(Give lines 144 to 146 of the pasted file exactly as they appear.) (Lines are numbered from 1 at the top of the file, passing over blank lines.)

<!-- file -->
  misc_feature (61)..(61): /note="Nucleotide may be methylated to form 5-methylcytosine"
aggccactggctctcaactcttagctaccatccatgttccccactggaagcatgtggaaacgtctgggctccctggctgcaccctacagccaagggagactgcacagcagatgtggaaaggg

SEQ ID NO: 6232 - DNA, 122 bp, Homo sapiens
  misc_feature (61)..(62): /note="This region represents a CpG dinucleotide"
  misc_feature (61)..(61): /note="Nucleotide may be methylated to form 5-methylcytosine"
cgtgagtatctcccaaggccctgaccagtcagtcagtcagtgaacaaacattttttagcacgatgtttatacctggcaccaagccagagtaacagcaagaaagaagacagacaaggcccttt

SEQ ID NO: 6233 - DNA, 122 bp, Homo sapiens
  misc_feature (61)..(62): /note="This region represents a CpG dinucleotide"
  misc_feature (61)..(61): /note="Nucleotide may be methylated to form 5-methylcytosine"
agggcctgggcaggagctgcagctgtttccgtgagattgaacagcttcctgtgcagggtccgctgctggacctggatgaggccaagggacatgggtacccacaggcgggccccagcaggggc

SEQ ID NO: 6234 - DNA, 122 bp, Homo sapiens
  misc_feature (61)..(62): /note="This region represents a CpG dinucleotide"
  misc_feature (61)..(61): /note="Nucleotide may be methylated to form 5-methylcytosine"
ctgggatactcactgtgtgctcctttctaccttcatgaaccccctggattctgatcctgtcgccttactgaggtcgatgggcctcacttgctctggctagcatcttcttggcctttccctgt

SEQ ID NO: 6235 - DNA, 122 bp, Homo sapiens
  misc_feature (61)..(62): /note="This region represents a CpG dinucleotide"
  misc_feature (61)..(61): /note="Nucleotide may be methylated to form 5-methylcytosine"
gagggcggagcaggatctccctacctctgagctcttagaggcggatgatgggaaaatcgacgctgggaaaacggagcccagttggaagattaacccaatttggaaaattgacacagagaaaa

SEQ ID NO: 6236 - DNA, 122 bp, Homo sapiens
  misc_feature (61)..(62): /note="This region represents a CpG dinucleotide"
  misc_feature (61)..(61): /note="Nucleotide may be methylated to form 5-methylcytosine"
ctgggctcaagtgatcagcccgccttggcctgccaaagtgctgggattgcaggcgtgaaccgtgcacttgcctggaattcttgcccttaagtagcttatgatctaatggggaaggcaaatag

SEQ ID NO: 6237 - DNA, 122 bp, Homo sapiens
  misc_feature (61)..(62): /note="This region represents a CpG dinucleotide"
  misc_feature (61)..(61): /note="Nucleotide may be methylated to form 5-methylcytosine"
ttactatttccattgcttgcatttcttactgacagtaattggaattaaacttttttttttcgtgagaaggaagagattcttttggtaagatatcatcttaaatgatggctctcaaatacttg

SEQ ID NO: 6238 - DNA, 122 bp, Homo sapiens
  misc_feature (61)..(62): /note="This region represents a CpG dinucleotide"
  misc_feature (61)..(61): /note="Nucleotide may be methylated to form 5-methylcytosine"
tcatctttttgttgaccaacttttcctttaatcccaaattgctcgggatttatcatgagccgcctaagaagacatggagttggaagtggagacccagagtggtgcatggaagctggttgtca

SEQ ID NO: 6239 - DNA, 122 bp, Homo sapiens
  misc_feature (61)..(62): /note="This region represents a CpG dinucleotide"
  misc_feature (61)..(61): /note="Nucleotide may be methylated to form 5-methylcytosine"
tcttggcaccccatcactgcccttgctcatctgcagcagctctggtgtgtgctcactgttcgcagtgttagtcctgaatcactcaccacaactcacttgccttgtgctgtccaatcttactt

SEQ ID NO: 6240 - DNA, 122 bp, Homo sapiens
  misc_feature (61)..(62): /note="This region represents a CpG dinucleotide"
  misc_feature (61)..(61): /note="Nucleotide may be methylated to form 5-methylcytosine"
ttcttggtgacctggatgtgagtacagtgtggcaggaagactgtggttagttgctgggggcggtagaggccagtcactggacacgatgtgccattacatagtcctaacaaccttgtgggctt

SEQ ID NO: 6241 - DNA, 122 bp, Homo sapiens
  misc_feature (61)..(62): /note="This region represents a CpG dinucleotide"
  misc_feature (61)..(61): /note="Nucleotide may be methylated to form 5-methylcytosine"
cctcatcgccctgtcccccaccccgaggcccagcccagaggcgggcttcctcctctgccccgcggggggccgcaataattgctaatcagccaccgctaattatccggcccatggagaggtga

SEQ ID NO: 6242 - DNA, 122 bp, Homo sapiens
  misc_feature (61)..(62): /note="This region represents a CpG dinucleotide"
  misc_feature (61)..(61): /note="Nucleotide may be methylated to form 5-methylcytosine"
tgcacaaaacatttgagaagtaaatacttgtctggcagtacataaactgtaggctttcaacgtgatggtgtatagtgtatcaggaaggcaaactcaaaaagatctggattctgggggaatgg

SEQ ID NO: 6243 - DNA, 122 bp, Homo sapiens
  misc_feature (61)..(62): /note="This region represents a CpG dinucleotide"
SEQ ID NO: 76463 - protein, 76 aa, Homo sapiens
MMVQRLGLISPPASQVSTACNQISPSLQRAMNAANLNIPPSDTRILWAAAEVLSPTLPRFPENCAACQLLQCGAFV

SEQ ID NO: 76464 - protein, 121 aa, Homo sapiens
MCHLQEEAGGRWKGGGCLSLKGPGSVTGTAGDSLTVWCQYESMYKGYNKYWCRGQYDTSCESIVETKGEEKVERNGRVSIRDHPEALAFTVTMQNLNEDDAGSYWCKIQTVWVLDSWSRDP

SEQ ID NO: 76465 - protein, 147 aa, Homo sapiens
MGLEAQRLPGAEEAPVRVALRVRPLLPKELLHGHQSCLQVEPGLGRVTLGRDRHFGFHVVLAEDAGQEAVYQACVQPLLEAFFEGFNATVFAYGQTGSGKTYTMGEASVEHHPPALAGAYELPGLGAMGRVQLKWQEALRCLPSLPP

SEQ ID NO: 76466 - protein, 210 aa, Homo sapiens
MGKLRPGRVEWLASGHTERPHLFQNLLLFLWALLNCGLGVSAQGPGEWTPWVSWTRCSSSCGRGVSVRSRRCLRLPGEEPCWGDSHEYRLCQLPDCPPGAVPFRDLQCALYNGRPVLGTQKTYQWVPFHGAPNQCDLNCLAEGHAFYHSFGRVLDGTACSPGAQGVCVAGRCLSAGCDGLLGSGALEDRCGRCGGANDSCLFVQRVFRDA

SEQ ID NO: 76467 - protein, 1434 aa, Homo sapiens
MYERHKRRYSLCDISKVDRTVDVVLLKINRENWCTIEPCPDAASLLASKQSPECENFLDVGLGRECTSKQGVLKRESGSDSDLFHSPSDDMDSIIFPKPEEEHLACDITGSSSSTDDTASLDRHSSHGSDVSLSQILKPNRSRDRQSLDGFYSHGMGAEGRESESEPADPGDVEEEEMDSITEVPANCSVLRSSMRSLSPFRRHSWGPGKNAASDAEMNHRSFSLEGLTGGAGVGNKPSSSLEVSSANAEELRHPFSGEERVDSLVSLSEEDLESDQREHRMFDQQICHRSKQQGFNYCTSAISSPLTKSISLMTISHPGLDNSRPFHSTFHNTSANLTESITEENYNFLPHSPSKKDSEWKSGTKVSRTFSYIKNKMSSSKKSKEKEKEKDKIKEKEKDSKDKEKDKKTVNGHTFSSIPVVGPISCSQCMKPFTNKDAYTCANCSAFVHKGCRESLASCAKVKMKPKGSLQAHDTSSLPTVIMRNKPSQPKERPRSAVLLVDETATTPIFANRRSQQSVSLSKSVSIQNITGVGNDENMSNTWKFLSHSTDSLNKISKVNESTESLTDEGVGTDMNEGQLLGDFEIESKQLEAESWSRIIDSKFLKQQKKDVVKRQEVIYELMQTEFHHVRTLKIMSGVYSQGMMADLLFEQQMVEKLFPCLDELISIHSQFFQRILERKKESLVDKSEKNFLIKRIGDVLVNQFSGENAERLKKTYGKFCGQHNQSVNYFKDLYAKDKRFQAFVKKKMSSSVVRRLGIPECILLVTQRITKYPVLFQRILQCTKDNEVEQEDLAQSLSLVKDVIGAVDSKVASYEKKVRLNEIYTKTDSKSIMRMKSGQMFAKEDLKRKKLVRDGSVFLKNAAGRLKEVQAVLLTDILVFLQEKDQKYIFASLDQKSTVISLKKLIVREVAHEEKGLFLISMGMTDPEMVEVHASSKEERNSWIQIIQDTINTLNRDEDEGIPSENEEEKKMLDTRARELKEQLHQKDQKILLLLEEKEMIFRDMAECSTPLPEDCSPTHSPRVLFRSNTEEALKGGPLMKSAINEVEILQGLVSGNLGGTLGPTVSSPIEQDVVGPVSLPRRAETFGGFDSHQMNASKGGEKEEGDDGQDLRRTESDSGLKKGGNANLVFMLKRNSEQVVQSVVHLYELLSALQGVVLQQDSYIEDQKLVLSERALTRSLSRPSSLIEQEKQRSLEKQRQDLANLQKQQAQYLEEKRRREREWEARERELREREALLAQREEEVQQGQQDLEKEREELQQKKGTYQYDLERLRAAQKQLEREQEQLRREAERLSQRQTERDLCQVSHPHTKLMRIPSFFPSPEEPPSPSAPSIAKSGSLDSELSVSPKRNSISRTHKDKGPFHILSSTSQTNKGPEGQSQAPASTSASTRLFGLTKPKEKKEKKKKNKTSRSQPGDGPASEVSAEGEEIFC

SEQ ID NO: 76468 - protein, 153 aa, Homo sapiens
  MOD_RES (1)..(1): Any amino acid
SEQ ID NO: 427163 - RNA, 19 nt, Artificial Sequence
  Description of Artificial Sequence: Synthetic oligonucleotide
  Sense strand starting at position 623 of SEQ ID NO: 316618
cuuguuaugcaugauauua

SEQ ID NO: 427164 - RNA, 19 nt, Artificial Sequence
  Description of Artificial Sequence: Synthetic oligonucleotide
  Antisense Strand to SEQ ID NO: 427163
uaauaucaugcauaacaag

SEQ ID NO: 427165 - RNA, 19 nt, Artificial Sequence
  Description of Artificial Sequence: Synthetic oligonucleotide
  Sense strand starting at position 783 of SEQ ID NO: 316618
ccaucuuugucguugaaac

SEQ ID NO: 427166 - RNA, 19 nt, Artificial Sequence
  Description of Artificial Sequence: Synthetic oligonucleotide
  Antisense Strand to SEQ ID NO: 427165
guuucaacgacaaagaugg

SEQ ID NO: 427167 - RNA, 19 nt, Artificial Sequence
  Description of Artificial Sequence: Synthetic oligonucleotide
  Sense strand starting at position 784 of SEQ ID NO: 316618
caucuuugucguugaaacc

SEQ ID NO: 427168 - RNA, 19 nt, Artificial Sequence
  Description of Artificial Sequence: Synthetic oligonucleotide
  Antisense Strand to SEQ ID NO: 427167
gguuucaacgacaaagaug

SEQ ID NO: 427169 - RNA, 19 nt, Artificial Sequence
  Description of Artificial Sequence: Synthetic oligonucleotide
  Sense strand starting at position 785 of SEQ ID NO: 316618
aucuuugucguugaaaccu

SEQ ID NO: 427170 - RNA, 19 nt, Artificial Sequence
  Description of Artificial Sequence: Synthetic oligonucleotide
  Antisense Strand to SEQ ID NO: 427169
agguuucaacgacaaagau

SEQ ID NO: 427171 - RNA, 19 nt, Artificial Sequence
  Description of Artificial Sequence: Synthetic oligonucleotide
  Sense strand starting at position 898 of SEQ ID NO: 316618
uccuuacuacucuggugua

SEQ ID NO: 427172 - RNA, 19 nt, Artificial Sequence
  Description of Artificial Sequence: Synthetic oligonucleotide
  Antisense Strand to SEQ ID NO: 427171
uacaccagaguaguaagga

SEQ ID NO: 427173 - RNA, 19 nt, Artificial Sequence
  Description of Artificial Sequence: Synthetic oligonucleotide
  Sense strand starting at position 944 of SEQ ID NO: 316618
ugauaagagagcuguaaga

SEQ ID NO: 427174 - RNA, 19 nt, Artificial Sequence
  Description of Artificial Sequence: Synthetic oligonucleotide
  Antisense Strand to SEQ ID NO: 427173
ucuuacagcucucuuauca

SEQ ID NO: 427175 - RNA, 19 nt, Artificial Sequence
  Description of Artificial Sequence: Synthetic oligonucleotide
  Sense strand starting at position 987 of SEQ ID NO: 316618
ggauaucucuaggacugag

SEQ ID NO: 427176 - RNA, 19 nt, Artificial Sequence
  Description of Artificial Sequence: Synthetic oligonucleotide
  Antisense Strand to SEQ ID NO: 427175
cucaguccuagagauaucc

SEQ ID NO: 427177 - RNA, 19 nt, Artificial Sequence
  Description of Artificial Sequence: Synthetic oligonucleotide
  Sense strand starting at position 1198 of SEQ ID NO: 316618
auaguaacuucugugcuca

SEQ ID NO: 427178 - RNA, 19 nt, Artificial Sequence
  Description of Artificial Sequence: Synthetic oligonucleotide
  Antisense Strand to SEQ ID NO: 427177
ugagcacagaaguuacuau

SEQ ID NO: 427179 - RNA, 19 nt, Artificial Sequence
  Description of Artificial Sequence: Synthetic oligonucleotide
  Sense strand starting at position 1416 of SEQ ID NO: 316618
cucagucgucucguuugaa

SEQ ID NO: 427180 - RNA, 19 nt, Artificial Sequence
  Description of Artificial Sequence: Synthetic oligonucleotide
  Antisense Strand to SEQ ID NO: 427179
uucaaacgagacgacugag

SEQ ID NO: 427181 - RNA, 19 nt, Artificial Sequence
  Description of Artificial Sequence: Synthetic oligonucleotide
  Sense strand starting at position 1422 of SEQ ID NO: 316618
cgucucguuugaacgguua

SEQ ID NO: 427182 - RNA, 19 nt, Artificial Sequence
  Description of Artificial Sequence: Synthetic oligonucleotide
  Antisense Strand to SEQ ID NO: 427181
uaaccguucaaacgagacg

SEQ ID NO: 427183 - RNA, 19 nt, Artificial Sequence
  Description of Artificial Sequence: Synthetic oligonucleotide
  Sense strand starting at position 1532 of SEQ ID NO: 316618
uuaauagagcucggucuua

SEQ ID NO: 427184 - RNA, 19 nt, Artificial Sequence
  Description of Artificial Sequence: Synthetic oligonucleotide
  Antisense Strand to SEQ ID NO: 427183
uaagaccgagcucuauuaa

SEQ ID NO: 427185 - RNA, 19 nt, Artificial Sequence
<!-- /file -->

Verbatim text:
uuaauagagcucggucuua

SEQ ID NO: 427184 - RNA, 19 nt, Artificial Sequence
  Description of Artificial Sequence: Synthetic oligonucleotide